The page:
Aaron Burch

Our first idea was the water tower. Sneak out, meet up and all drive together, park somewhere inconspicuous, get over or under or through the boundary fence, climb the attached metal ladder, and leave our mark. We might have to use paint cans and rollers? someone wondered. We didn't know. Not just spray-paint? We went back and forth. Class of 'XX, we'd tag. And maybe our initials, our initials in hearts or next to addition signs, and the initials of our girlfriends. Or, not our girlfriends, but the girls we wished were our girlfriends. Or, not our initials, and not hearts or math symbols, but the initials of classmates we didn't like, because we didn't want to get in trouble and thought it funny to blame and incriminate others, but then again we didn't want to not get credit, didn't want to go through all that trouble and then give the glory to our enemies. It was a dilemma.

Our second idea was the parking lot. Pour out big lines and globs of celebration, splatter the tarmac, empty while everyone was home, asleep. That was what they'd done the year before, so it wasn't really our idea, per se. But the water tower was a tradition going back as far as we knew, so that wasn't really ours either. We were helping continue something new or reestablishing the old, one way or the other. These ideas, these traditions, had been passed down to us and so now were ours, was how we felt. We owned them. Some say that isn't how ideas work, there isn't any such thing as idea ownership, though that argument can cut either way. Semantics. But that isn't really what's important.

We got together, drank. We could climb onto the roof and paint all the skylights black? We could bring screwdrivers and socket wrenches, hammers; remove all the signs on the premises—parking and various prohibitions (drugs, firearms, skateboarding, etc.)? We argued semantics, upsides, downsides, whether or not we'd be able to follow through with idea one or two, or four or nine, when it finally came to it.

Another idea wasn't really an idea. We snuck out, met up and drove to the school, parked in the empty parking lot, and climbed onto the roof, but without paint (cans or spray). We brought beer. We brought a one-hitter, though not really enough pot to go around. We brought handfuls of rocks, pocketfuls, to throw at empties we'd left on the ground. To throw at the imaginary car windows of the classmates we didn't like. Our enemies. I can't wait until this year is over and we can get out of here, someone said. We all said. We drank some more.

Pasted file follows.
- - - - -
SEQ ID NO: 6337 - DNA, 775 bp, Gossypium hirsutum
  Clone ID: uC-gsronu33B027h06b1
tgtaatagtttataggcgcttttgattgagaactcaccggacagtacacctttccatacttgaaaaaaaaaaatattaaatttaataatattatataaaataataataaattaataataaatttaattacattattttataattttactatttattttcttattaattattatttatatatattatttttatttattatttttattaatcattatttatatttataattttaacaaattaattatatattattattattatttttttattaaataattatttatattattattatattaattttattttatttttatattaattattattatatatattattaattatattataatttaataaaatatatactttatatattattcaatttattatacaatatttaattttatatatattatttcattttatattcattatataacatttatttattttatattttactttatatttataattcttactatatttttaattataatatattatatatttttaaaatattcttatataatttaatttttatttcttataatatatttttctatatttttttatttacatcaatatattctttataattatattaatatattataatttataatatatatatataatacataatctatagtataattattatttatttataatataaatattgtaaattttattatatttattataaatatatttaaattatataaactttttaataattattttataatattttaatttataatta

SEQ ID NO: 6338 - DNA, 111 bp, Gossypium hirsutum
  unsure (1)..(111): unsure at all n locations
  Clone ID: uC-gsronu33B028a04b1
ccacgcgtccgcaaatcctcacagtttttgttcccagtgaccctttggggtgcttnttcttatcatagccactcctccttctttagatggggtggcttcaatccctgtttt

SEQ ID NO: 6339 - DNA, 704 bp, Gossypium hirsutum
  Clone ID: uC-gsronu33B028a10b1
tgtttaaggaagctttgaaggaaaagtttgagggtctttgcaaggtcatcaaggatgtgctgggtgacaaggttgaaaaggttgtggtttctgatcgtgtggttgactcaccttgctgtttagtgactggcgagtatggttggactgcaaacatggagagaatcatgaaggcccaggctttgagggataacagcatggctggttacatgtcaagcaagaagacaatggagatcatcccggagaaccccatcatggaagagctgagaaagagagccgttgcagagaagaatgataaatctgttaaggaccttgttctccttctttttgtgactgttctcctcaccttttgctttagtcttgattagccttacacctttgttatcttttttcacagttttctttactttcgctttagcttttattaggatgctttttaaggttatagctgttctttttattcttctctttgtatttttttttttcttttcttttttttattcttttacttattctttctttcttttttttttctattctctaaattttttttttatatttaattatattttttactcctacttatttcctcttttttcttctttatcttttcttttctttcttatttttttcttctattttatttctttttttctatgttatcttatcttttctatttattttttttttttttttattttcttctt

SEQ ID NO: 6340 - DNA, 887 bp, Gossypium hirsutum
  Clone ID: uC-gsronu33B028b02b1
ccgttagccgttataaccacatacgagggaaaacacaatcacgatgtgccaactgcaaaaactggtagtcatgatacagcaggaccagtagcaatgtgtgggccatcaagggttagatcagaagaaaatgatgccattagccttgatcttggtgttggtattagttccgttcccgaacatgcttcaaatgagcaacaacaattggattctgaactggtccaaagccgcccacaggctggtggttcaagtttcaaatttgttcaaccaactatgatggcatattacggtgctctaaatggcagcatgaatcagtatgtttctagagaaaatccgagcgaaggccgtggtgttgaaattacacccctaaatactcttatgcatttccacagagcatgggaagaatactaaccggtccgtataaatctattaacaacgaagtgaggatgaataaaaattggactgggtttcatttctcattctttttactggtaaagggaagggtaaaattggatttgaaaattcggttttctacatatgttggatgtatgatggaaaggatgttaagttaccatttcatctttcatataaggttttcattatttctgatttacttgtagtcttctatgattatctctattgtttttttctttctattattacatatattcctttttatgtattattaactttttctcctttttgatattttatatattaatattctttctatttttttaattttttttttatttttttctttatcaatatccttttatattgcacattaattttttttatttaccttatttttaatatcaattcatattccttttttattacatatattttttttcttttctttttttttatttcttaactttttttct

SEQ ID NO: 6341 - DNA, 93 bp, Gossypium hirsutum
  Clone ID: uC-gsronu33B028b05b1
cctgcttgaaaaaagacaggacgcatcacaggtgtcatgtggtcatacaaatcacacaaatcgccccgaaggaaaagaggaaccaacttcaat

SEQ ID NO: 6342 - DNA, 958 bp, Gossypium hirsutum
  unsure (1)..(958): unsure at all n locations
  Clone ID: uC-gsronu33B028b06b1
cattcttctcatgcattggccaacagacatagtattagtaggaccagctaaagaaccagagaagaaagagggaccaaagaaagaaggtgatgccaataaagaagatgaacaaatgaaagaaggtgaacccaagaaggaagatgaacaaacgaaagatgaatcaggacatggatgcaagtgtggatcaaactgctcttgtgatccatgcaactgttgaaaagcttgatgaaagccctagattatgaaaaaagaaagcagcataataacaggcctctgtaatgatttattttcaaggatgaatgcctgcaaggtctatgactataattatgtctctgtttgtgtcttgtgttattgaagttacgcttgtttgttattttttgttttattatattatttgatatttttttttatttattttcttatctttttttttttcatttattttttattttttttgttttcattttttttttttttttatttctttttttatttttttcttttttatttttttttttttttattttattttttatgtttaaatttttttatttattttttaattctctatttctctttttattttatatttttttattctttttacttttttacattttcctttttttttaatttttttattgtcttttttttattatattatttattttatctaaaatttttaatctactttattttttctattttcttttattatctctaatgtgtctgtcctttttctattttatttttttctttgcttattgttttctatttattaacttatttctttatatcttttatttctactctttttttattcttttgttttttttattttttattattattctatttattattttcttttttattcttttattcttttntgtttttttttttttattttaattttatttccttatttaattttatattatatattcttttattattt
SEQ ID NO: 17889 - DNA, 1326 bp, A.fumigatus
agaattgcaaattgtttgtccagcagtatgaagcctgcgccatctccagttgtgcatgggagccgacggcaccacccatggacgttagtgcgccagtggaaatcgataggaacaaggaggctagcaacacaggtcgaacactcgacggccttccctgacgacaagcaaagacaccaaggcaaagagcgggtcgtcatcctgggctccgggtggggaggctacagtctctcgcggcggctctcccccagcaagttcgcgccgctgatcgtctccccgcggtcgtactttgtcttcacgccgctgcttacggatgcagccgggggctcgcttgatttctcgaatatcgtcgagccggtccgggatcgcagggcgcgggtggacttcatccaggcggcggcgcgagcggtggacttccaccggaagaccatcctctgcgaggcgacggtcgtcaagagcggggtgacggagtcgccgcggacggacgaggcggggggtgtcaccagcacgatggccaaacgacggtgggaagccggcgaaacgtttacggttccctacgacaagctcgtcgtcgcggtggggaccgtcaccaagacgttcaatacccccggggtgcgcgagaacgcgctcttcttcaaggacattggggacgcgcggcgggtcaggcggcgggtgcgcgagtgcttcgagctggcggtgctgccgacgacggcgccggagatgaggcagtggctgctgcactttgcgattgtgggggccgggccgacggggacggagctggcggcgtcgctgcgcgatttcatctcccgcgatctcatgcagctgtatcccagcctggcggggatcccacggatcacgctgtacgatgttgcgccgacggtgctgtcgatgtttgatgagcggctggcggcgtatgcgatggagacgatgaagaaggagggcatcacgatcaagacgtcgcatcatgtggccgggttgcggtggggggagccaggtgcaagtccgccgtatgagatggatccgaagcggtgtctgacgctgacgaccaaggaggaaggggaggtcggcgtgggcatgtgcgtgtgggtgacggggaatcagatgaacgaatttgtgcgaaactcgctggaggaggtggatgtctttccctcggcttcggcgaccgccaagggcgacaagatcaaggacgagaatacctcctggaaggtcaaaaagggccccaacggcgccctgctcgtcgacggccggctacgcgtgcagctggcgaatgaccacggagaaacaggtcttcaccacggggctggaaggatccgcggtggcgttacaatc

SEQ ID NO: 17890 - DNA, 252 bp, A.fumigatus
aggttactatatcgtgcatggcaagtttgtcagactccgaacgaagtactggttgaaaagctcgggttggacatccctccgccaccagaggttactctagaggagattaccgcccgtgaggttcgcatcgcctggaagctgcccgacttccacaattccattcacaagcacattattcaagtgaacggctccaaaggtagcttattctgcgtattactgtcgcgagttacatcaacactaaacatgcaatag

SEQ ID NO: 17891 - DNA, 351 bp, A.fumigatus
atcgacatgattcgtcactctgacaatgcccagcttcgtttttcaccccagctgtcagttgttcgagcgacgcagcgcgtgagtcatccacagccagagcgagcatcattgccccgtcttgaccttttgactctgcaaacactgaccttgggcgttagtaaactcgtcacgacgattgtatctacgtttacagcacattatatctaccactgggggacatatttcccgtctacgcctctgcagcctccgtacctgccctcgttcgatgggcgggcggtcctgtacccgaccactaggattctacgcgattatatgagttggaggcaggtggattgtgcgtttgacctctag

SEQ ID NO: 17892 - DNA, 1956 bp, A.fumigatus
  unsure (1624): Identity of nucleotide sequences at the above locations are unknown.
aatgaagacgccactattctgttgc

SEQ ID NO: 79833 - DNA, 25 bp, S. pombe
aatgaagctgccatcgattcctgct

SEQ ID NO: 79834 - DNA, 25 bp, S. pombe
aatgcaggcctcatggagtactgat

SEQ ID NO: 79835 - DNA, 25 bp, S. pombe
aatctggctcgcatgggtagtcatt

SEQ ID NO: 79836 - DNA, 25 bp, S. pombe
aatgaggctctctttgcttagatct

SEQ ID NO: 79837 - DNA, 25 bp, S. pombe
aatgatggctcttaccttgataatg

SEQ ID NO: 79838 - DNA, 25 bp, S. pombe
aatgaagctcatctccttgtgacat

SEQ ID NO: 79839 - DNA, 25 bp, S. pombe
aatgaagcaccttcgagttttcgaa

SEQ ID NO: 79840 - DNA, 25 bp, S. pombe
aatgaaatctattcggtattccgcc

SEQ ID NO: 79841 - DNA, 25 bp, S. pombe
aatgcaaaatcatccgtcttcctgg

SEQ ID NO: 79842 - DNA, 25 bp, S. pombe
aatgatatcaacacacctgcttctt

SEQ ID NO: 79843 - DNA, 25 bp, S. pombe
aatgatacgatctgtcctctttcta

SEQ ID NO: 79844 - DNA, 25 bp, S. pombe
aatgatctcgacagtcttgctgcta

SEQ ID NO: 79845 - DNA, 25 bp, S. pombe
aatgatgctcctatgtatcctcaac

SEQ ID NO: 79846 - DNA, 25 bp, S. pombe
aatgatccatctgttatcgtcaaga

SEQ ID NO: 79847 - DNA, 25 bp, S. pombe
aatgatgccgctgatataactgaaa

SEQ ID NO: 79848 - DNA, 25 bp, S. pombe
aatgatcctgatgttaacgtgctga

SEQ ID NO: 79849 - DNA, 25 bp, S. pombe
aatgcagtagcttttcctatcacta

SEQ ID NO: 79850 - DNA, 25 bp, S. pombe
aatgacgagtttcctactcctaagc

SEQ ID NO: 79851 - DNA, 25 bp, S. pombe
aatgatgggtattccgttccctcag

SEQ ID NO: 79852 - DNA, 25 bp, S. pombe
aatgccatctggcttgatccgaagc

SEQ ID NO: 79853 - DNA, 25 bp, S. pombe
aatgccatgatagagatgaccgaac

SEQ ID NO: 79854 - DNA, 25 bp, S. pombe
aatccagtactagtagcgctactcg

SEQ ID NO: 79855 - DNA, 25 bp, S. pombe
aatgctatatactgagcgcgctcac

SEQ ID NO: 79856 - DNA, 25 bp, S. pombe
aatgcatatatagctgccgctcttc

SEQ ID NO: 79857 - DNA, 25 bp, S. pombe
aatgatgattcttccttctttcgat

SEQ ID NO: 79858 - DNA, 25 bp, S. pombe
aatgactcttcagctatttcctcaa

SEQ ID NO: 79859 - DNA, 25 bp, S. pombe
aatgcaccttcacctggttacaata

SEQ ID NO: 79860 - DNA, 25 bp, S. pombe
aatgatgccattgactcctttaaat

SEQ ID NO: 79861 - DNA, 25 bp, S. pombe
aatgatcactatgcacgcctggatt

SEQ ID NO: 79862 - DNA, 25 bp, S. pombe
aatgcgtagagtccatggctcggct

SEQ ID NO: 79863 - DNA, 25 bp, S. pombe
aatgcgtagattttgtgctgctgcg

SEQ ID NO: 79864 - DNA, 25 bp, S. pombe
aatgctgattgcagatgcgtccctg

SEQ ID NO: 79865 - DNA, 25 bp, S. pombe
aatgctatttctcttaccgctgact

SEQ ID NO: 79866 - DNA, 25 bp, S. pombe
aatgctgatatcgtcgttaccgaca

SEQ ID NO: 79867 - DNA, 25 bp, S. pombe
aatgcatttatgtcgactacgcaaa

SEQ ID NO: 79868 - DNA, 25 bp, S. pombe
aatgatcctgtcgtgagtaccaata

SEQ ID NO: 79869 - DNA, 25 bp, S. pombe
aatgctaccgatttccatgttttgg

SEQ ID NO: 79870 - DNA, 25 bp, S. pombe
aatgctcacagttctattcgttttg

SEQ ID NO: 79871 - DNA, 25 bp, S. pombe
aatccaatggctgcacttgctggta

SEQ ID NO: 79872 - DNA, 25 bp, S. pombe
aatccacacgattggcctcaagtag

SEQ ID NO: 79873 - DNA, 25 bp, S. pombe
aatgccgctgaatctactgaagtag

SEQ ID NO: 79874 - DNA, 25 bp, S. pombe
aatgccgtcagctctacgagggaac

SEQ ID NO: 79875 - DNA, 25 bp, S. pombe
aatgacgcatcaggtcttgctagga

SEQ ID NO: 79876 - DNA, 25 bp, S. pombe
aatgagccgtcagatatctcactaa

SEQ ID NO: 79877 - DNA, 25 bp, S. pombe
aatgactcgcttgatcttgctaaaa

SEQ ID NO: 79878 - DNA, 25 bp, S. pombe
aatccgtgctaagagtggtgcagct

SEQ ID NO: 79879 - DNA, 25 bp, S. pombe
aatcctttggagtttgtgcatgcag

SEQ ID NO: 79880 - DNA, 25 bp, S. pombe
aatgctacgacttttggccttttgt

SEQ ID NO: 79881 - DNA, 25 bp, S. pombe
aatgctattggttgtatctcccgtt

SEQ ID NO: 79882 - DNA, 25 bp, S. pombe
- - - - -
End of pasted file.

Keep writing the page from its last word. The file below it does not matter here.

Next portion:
Tom wasn't there because Mary's mom found a condom in her bathroom that hadn't flushed and now they were both on lockdown. Jim wasn't there because Tom was always his ride; he didn't drive and lived too out of the way for any of us to ever pick him up. We turned our bottles upside down, poured beer out over the skylights like pouring paint, but the beer rolled off clear, didn't blackout the windows like paint. Or maybe Tom was there. Or maybe he wasn't, but only because he didn't want to be. The found condom is the one detail I remember about him, regardless. We threw our empties into the empty lot, watched them arc through the sky before crashing into the ground, shattering like fireworks. Who was supposed to bring the paint? someone asked. We all asked. We all knew that hadn't been the plan, the idea. We brainstormed, had more ideas, ideas for ideas. Barry shrugged, said he was going to miss it here. Tom agreed. We threw more empties, emptied everything we had.  

Aaron Burch's debut collection of stories is HOW TO PREDICT THE WEATHER. He edits Hobart.

Read more of his work in the archive.

Detail of photo on main page courtesy of T. Magnum.

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